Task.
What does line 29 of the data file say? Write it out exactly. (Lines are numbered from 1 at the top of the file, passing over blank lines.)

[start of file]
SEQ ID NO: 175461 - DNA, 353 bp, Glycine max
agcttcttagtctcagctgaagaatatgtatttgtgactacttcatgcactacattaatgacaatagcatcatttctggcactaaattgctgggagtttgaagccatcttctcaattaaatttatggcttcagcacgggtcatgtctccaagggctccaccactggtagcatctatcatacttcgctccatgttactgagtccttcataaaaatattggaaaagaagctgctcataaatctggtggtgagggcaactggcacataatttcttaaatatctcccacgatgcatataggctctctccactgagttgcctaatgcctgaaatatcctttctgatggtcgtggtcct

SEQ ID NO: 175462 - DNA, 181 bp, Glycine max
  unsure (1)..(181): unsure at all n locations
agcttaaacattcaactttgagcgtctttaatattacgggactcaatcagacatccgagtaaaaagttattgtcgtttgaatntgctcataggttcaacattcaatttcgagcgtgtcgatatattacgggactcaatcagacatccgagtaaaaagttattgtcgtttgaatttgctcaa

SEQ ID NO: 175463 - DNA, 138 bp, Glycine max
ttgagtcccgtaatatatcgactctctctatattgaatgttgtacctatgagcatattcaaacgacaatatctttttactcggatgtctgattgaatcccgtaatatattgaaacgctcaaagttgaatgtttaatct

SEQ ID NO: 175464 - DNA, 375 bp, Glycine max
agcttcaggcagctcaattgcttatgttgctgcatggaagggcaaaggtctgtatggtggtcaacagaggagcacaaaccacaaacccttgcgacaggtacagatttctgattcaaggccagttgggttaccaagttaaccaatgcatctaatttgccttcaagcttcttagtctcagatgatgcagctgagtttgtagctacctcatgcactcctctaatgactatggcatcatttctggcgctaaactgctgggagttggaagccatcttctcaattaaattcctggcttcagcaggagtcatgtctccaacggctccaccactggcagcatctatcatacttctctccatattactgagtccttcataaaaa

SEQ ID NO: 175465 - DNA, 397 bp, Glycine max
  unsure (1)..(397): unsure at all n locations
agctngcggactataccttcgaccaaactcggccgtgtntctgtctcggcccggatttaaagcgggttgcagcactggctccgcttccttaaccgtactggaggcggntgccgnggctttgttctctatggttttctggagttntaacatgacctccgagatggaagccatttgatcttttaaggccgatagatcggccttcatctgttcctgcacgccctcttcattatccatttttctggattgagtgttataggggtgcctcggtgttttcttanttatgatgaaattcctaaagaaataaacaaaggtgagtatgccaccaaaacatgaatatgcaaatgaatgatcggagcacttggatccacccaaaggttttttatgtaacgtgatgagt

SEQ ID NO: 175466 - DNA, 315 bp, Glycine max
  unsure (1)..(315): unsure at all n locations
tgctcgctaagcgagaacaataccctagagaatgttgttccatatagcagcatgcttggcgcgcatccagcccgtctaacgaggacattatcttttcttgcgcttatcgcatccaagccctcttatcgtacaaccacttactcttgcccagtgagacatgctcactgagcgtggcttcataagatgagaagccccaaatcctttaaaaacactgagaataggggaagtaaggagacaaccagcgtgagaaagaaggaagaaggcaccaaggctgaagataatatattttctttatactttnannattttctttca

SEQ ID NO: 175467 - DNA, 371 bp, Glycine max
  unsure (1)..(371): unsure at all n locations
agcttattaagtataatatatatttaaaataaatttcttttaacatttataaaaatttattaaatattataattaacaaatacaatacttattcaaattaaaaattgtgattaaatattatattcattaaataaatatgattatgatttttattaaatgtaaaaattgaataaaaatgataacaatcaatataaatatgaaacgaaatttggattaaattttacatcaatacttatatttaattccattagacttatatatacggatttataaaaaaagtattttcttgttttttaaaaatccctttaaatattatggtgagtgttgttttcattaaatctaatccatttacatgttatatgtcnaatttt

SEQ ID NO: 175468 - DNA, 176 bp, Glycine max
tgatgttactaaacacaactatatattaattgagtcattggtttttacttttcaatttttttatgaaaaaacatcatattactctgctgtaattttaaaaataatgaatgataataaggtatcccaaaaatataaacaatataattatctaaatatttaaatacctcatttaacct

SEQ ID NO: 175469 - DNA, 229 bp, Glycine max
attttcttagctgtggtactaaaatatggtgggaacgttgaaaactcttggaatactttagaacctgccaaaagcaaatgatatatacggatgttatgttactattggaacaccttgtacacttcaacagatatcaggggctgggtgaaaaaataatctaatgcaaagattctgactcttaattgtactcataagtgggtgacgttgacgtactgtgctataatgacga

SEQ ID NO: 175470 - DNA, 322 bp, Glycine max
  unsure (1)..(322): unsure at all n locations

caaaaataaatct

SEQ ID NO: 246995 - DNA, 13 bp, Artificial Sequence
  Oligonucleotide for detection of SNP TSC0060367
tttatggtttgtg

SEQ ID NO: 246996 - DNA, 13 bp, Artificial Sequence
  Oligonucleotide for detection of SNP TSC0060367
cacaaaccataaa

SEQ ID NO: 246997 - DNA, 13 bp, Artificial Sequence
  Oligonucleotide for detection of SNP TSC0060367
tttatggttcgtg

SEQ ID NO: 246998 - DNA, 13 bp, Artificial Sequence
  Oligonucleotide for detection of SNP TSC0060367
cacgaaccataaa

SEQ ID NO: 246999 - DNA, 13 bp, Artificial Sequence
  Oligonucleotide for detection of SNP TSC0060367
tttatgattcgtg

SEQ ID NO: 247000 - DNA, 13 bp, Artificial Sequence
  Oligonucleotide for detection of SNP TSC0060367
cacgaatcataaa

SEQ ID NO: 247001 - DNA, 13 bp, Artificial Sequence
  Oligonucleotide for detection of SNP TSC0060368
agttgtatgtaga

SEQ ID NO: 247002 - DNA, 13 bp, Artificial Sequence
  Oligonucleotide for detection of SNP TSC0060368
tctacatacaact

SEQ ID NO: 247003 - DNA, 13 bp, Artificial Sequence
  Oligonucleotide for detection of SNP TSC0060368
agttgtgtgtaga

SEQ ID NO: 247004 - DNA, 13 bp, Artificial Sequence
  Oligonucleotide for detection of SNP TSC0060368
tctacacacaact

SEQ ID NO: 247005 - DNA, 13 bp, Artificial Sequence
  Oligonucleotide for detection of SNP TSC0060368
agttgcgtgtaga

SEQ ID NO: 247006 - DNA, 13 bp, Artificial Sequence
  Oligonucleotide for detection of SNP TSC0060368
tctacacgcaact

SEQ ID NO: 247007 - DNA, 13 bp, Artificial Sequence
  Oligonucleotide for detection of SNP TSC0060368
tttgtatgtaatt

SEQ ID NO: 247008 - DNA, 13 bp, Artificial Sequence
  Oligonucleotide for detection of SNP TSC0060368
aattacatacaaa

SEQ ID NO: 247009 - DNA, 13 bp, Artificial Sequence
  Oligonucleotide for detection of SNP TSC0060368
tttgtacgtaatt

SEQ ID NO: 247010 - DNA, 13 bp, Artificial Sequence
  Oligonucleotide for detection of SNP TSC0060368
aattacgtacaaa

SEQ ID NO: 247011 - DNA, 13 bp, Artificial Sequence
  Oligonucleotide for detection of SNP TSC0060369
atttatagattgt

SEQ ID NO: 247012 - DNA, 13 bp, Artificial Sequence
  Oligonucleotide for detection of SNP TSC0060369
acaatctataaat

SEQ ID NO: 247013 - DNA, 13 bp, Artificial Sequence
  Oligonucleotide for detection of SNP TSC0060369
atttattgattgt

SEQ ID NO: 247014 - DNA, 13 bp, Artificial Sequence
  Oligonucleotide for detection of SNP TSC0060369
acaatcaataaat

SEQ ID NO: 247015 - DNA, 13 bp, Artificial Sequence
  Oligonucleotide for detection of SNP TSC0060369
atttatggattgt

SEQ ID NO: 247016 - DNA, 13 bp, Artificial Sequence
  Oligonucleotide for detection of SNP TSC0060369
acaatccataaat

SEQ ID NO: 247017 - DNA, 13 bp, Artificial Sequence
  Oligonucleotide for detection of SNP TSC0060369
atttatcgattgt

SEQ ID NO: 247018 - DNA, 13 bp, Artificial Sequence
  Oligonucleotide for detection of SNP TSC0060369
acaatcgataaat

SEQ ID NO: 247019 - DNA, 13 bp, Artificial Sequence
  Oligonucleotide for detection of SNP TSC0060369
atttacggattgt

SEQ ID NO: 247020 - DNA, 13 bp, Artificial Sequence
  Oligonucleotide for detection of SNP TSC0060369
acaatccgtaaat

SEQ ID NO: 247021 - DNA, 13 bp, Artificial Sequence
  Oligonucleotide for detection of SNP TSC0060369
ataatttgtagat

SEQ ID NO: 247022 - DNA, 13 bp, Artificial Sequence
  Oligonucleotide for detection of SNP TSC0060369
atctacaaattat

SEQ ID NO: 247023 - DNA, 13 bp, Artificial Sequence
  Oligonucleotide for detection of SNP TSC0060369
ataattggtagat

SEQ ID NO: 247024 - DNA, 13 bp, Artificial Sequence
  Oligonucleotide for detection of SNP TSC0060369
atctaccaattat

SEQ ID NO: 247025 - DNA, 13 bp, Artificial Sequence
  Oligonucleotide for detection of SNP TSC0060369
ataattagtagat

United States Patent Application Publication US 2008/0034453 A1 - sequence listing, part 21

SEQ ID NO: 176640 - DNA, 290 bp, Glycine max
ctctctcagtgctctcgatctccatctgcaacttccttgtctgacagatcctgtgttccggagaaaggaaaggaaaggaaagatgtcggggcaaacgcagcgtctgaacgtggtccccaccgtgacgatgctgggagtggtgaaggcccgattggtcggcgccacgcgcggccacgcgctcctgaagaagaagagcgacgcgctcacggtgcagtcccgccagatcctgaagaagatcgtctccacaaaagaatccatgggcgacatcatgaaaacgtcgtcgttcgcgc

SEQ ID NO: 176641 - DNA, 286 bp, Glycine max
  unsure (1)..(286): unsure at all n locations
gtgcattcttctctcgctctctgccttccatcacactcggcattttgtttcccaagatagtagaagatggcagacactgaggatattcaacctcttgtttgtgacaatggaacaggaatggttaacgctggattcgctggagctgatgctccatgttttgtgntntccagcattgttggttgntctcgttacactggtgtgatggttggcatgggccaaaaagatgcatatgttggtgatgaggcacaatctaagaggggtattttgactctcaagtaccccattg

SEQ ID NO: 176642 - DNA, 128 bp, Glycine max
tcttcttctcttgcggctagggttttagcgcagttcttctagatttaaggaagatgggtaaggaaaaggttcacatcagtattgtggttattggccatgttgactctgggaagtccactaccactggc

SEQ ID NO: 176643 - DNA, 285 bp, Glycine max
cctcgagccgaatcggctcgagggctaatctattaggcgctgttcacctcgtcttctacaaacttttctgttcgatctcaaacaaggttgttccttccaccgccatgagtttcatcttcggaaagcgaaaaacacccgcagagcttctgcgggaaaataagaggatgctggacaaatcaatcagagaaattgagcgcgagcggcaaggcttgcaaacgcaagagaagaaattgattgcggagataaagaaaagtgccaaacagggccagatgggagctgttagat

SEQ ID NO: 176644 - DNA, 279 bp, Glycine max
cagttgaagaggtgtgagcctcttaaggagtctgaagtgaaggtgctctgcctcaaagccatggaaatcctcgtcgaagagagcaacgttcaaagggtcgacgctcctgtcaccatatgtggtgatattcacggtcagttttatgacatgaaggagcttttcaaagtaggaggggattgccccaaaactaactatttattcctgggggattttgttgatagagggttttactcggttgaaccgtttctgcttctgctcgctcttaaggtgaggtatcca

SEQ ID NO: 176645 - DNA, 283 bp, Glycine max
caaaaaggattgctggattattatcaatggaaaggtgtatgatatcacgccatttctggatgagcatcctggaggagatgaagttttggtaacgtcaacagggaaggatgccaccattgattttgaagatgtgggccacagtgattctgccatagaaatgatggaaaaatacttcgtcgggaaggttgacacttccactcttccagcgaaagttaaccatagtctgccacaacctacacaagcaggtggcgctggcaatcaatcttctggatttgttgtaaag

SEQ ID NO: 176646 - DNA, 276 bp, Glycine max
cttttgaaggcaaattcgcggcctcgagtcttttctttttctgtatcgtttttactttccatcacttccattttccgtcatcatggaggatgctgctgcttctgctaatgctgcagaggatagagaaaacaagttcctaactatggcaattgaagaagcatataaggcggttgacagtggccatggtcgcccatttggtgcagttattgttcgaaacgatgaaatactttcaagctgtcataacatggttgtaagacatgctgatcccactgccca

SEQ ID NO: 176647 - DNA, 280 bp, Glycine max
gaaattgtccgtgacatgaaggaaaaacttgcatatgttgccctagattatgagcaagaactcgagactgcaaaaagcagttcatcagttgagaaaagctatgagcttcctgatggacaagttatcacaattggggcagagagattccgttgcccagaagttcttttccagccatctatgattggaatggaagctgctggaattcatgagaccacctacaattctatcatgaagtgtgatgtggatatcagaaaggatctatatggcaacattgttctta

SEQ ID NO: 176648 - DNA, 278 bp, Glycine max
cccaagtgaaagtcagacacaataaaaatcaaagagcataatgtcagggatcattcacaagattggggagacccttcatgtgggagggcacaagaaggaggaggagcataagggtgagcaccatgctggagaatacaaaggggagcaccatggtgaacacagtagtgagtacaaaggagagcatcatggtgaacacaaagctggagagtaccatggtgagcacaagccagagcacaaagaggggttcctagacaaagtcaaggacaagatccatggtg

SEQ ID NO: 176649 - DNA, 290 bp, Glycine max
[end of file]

SEQ ID NO: 246996 - DNA, 13 bp, Artificial Sequence